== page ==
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2 Other Broke Girls

Comedy Central series exposes new duo to a wider audience


Pictured: Ilana Glazer and Abbi Jacobson (photo by Linda Kallerus)


By Michael Shashoua / Jester editor-in-chief


The new Comedy Central series “Broad City,” executive produced by Amy Poehler and debuting Jan. 22, has the tone and feel of segments from the on-the-street segments of Poehler’s late 1990s Upright Citizens Brigade series for the channel (see DVD review, 9/17/07).


“Broad City” features the exploits of Abbi Jacobson and Ilana Glazer, performers who got started at the UCB Theatre. Jacobson is the straitlaced one and Glazer is the manic one who destroys everything she comes into contact with, including her own plans to earn enough money to go to a Lil Wayne concert.


The show is buoyed by a lot of cameos, including Poehler’s SNL colleagues Fred Armisen and Rachel Dratch. Stand-up comedian Hannibal Buress is a recurring character – a sometime hook-up of Glazer’s – but his presence seems superfluous here as he’s mostly inserted into scenes where he delivers dialogue that sounds a bit like parts of his stand-up act. This is an awkward fit and a disservice to his strengths.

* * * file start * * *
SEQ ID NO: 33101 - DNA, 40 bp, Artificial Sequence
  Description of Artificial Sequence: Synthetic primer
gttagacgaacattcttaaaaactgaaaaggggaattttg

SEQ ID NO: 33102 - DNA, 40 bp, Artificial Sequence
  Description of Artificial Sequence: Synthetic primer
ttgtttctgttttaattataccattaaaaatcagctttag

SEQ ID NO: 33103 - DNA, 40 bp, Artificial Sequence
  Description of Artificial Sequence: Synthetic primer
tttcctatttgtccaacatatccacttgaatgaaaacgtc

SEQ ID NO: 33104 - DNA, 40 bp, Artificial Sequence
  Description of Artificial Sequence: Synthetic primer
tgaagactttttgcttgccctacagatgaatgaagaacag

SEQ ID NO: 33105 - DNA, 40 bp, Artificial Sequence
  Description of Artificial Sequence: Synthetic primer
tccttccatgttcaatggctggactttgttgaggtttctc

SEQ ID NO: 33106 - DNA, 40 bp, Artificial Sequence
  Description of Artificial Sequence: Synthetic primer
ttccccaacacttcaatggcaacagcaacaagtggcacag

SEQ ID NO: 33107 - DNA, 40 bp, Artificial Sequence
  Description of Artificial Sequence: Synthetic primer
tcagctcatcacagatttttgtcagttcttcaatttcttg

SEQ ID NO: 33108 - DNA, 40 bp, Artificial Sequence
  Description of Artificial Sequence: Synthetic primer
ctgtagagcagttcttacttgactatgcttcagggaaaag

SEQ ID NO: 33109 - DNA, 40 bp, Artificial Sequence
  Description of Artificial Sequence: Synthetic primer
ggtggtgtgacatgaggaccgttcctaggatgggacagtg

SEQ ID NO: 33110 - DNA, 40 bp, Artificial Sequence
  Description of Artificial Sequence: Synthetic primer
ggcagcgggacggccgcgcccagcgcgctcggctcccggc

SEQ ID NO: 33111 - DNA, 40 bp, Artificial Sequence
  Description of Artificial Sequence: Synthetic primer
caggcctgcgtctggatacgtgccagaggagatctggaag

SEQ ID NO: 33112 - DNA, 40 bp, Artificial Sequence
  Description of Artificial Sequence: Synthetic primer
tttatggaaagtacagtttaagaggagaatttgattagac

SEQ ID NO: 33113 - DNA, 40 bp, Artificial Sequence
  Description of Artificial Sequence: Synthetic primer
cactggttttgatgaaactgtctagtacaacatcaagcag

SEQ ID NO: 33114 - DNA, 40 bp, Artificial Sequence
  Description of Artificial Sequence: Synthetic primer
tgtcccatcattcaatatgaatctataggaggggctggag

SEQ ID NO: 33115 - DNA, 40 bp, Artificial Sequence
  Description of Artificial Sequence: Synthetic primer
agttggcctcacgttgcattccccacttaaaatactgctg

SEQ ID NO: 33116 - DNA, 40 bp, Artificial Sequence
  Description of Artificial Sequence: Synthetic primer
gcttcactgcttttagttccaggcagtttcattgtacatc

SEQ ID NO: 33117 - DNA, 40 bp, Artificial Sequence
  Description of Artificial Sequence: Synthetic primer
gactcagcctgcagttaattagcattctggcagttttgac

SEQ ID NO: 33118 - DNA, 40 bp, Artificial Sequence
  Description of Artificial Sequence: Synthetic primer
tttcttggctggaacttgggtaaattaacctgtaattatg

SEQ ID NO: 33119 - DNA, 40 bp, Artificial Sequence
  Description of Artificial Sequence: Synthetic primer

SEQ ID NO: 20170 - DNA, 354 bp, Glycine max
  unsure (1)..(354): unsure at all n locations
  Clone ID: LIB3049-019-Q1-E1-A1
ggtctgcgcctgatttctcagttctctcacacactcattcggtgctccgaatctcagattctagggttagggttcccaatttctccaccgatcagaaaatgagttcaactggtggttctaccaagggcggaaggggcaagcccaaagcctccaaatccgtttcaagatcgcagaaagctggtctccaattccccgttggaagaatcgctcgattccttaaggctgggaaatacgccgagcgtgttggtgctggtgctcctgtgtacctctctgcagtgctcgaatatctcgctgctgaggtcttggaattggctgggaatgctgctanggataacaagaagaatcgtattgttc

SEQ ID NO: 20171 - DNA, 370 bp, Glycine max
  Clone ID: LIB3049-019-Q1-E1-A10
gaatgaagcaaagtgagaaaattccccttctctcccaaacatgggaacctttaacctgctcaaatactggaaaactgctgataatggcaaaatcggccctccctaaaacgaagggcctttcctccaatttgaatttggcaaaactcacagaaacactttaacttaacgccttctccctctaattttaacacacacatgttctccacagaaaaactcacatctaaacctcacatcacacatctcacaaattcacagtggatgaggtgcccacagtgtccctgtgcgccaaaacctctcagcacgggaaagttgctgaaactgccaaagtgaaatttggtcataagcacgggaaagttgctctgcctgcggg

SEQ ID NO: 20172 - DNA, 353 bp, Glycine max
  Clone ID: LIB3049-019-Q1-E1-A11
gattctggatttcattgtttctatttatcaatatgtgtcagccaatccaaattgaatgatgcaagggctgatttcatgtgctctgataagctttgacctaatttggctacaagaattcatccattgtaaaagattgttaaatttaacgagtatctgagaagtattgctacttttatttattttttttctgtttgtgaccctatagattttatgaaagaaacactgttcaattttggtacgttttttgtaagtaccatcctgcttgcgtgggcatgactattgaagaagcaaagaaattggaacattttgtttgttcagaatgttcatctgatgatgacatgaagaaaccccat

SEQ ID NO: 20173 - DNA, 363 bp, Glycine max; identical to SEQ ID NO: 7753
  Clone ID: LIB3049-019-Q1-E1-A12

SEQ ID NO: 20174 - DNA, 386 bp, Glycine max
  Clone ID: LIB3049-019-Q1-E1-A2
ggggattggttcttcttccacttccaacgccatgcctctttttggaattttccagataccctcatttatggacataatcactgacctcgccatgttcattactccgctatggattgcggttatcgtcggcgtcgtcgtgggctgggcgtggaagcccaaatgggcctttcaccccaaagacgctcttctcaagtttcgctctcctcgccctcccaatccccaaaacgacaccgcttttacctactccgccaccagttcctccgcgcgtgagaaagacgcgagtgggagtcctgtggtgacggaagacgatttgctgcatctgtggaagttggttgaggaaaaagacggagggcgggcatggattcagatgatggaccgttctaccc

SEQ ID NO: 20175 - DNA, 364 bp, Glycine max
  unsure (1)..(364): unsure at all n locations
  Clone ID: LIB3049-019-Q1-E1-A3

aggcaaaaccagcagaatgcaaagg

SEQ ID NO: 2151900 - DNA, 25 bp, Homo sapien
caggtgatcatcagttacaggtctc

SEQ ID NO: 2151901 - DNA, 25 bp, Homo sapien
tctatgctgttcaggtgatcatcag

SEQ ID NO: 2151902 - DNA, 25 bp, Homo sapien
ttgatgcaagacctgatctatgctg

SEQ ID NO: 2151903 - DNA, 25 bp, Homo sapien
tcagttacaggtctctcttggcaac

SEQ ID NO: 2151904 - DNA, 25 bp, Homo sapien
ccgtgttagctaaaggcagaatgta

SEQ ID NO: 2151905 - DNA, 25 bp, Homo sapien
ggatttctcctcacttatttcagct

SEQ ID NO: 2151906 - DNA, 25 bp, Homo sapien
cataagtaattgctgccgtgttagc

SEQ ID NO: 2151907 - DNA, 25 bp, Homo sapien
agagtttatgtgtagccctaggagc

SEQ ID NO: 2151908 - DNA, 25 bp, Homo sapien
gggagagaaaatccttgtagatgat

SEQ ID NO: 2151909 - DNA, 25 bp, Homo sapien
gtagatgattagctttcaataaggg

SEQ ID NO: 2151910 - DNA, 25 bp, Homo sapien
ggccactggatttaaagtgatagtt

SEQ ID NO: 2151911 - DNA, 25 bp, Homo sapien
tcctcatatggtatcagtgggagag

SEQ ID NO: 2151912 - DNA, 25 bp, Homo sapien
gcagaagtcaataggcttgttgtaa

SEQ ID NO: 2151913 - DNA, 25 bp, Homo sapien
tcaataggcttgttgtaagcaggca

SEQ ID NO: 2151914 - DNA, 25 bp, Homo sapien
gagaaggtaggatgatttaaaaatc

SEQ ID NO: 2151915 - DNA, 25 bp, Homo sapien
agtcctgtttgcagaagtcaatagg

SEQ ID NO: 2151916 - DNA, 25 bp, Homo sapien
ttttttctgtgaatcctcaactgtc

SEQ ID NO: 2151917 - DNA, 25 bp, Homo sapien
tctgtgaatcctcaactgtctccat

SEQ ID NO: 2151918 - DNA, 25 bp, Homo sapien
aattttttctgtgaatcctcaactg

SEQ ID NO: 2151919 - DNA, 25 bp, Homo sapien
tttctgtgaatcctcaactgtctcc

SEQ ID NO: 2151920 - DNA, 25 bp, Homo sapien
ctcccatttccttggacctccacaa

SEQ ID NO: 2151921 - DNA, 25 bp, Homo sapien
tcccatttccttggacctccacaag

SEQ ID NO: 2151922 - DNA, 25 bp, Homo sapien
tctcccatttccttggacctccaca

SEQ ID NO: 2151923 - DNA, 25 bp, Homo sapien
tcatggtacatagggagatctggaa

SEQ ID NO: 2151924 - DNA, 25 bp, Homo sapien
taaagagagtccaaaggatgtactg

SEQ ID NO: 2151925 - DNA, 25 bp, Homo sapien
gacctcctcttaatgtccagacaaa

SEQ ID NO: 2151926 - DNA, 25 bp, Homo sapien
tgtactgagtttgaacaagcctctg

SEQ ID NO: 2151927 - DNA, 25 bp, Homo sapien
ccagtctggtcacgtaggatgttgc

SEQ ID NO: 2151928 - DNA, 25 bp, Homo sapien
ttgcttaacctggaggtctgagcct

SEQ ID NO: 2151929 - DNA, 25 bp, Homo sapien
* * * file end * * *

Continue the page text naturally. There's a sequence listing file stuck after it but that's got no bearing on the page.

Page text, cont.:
More integral to the stories is John Gemberling, also of the UCB Theatre, as the slacker boyfriend of Jacobson and Glazer’s unseen third roommate, and who is always perched on their couch and annoying Abby by mooching her food from the fridge. Gemberling’s unflinching habitation of his character adds life and energy to the show.


One can see what Jacobson and Glazer (and Poehler as producer) are going for – bringing another flavor of the sensibility of live improv to TV. In the first two episodes, at least, it gets about halfway to the level the UCB TV series achieved. It’s unclear from just two episodes whether the leads could be more dynamic and interesting, whether they need more to play with or greater stakes in the stories.


“Broad City” was spawned from an online series, and it’s also possible that a bigger budget ended up stiffening the freedom and energy that Jacobson and Glazer began with on the project.














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